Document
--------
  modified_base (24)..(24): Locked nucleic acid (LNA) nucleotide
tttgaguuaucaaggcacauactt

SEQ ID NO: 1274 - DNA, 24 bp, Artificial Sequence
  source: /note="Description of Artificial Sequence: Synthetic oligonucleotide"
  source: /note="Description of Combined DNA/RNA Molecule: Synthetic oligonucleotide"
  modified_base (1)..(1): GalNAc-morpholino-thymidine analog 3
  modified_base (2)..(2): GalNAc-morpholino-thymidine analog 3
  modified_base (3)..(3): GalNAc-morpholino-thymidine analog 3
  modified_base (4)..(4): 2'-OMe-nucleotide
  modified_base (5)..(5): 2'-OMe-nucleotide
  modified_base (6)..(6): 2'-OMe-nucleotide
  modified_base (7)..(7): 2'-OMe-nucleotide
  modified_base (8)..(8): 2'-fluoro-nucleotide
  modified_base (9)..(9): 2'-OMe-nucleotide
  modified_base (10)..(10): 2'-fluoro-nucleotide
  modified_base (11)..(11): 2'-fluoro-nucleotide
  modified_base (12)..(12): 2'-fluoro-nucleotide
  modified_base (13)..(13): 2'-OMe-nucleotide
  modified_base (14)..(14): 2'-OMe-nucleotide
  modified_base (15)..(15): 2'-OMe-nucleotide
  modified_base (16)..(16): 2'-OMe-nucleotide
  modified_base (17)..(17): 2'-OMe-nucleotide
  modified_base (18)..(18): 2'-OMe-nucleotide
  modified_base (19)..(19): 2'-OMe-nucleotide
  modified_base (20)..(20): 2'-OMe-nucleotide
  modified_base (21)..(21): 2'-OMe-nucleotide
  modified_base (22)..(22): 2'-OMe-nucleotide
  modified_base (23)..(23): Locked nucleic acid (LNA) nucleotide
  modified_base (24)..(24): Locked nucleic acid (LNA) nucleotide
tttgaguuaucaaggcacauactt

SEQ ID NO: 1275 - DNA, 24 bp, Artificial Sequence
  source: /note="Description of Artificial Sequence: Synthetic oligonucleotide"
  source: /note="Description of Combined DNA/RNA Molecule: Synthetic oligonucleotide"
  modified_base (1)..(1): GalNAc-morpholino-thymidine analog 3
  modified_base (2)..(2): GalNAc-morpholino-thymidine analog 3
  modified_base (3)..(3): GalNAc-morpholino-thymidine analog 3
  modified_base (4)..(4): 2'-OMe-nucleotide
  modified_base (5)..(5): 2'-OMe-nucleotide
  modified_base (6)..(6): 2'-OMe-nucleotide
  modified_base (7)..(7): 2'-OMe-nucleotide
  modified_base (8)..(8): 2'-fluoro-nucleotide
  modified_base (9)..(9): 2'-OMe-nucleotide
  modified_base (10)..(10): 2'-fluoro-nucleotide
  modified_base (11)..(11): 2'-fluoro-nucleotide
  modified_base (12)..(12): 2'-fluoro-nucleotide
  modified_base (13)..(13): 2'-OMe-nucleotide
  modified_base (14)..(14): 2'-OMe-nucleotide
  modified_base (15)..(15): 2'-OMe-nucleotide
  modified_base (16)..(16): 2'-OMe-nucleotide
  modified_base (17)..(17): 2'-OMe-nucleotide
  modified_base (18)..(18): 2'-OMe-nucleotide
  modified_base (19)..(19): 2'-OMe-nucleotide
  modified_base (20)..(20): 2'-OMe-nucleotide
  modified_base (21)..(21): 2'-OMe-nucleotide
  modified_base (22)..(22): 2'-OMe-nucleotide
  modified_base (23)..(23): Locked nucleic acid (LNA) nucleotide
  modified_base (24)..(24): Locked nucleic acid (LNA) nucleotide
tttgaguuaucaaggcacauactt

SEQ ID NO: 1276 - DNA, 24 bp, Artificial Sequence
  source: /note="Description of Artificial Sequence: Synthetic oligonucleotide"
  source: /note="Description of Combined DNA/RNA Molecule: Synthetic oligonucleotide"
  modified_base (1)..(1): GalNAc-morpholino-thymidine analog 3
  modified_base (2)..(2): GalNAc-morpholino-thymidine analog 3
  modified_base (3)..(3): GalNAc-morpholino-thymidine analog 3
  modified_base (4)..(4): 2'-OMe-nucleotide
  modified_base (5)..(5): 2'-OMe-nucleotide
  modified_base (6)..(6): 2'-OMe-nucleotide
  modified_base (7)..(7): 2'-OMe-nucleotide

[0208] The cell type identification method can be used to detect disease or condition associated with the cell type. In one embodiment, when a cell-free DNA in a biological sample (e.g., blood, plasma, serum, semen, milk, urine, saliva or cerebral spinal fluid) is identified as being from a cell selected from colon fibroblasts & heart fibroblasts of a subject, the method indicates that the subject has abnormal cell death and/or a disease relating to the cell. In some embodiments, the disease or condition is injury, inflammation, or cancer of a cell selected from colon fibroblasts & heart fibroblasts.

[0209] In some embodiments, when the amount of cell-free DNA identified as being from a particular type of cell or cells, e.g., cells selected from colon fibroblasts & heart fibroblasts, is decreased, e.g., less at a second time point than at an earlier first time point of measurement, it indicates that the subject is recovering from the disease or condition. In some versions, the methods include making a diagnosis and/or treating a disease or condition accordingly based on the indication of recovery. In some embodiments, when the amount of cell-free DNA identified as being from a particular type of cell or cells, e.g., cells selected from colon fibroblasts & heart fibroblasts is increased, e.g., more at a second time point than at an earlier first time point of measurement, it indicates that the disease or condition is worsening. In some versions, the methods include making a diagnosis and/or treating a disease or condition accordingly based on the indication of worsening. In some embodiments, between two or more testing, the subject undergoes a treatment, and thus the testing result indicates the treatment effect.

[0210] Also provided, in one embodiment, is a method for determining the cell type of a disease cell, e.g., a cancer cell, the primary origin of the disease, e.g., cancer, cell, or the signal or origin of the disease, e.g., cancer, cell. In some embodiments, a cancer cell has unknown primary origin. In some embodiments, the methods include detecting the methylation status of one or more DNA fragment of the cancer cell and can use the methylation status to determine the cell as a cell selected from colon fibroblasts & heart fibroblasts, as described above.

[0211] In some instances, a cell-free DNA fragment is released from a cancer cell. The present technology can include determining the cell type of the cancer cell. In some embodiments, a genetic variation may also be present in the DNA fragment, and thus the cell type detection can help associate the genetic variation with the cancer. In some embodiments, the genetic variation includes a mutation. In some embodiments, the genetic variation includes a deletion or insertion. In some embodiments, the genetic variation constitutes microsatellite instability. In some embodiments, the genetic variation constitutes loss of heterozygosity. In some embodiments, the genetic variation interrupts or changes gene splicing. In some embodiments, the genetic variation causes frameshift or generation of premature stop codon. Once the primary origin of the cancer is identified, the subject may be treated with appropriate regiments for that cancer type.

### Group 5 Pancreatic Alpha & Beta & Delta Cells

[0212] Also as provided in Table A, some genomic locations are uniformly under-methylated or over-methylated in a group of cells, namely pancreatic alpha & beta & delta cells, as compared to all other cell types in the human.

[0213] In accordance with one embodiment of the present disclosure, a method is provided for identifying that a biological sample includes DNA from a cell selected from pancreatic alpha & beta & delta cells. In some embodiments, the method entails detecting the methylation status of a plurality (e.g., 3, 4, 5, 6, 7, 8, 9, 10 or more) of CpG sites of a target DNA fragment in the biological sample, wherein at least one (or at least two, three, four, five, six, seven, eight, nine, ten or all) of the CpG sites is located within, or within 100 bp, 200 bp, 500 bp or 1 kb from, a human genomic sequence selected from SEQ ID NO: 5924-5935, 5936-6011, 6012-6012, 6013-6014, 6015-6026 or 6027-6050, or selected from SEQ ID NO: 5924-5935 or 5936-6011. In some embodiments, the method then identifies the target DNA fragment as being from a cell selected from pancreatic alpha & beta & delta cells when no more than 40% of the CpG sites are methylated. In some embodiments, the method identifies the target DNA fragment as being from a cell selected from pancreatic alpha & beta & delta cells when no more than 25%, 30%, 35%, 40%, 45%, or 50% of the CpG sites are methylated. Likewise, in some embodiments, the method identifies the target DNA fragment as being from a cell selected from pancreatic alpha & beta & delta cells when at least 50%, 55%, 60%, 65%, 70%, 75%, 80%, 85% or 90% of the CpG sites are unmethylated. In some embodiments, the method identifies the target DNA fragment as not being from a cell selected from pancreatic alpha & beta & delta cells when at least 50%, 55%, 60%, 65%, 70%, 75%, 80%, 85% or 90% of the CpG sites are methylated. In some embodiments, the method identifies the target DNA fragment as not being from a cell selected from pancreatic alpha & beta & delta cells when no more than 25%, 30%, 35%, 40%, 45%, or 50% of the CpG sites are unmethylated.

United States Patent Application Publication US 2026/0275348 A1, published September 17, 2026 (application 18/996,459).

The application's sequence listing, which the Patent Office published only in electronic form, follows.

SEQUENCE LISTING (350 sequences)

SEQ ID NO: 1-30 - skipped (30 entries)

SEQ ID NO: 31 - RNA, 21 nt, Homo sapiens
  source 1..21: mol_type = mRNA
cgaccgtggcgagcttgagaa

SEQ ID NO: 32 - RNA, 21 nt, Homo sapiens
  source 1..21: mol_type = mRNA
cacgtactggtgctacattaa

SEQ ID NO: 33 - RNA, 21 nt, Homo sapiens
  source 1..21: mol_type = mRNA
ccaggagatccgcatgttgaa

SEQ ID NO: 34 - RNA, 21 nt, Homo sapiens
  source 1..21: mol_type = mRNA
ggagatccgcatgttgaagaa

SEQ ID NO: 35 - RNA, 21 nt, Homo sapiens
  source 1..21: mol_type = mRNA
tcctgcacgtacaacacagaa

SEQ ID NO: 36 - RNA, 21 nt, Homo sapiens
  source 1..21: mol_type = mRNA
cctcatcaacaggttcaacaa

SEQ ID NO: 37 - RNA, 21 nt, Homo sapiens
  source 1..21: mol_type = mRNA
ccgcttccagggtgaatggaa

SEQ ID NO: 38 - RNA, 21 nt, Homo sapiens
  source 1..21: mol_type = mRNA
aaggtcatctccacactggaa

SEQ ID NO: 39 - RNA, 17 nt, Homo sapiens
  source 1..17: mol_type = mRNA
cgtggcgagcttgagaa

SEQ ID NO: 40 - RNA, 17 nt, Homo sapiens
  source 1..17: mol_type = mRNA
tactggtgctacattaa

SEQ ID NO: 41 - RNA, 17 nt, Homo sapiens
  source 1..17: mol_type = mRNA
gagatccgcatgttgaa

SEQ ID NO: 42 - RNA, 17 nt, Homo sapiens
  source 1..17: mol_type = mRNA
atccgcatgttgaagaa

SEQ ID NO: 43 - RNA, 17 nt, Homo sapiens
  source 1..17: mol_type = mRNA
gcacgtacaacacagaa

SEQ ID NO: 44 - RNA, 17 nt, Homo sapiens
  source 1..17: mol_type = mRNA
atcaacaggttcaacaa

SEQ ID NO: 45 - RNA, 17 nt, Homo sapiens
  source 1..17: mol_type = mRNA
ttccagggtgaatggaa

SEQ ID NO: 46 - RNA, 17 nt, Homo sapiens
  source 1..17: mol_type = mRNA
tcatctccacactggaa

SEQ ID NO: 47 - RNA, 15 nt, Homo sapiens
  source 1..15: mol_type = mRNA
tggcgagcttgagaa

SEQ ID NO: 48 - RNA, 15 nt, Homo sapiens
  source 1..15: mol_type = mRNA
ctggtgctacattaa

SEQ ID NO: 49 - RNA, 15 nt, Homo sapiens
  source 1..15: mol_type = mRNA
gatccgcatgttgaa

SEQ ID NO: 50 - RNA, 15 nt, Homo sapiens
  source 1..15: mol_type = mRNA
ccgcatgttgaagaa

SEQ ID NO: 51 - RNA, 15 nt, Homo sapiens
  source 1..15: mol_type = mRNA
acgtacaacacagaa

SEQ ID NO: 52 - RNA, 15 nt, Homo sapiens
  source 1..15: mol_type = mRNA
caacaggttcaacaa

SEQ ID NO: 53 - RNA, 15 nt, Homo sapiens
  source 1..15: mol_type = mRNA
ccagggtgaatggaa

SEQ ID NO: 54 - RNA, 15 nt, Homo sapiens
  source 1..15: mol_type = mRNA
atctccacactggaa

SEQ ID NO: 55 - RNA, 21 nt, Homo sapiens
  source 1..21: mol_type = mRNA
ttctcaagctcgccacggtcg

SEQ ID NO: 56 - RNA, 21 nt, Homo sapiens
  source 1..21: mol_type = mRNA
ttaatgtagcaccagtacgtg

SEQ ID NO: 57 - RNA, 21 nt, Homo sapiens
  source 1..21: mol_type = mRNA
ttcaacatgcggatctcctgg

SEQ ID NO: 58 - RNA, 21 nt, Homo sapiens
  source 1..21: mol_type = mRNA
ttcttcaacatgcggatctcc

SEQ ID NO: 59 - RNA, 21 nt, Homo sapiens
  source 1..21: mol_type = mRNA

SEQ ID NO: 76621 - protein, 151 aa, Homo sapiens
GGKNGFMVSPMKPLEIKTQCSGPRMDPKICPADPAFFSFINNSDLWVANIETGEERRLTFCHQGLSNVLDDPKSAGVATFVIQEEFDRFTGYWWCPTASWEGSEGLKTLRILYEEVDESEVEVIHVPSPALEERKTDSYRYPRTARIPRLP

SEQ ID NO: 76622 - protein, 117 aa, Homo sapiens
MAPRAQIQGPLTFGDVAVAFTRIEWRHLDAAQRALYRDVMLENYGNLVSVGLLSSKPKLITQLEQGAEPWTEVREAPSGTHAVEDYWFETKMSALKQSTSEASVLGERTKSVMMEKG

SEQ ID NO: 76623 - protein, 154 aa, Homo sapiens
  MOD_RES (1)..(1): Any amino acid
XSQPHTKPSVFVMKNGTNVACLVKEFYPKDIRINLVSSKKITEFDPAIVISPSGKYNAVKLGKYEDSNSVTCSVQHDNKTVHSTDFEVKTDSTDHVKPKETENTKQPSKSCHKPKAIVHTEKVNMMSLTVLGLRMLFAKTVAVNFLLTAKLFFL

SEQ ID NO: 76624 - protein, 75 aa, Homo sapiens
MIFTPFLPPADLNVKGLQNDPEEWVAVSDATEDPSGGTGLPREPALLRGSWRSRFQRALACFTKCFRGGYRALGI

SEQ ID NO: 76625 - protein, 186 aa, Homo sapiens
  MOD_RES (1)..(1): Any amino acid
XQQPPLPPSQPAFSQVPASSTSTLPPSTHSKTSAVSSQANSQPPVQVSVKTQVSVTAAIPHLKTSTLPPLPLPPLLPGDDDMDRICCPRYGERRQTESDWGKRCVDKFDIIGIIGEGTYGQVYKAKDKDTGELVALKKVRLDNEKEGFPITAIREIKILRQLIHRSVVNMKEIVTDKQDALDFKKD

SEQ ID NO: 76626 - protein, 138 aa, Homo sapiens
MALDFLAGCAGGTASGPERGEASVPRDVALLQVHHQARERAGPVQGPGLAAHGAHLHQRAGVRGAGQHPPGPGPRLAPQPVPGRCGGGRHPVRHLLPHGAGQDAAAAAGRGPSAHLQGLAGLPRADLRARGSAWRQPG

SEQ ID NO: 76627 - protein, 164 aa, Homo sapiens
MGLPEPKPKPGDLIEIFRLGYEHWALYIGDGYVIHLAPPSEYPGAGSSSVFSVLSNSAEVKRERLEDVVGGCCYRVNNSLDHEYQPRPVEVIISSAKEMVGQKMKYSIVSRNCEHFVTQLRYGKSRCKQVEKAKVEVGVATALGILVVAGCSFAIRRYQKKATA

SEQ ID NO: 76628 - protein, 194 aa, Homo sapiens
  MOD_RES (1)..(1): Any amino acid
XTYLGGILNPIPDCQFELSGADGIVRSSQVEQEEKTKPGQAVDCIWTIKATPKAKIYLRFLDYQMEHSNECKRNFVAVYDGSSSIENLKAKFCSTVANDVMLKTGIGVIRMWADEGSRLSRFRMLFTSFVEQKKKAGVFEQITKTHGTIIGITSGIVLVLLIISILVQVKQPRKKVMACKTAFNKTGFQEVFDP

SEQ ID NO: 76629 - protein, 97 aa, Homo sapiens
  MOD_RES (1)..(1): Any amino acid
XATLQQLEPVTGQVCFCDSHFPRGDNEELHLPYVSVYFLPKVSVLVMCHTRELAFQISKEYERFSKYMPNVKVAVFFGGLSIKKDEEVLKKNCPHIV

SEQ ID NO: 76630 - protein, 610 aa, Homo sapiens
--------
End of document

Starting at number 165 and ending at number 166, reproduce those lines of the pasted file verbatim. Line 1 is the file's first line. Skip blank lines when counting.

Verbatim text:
  source 1..21: mol_type = mRNA

SEQ ID NO: 76621 - protein, 151 aa, Homo sapiens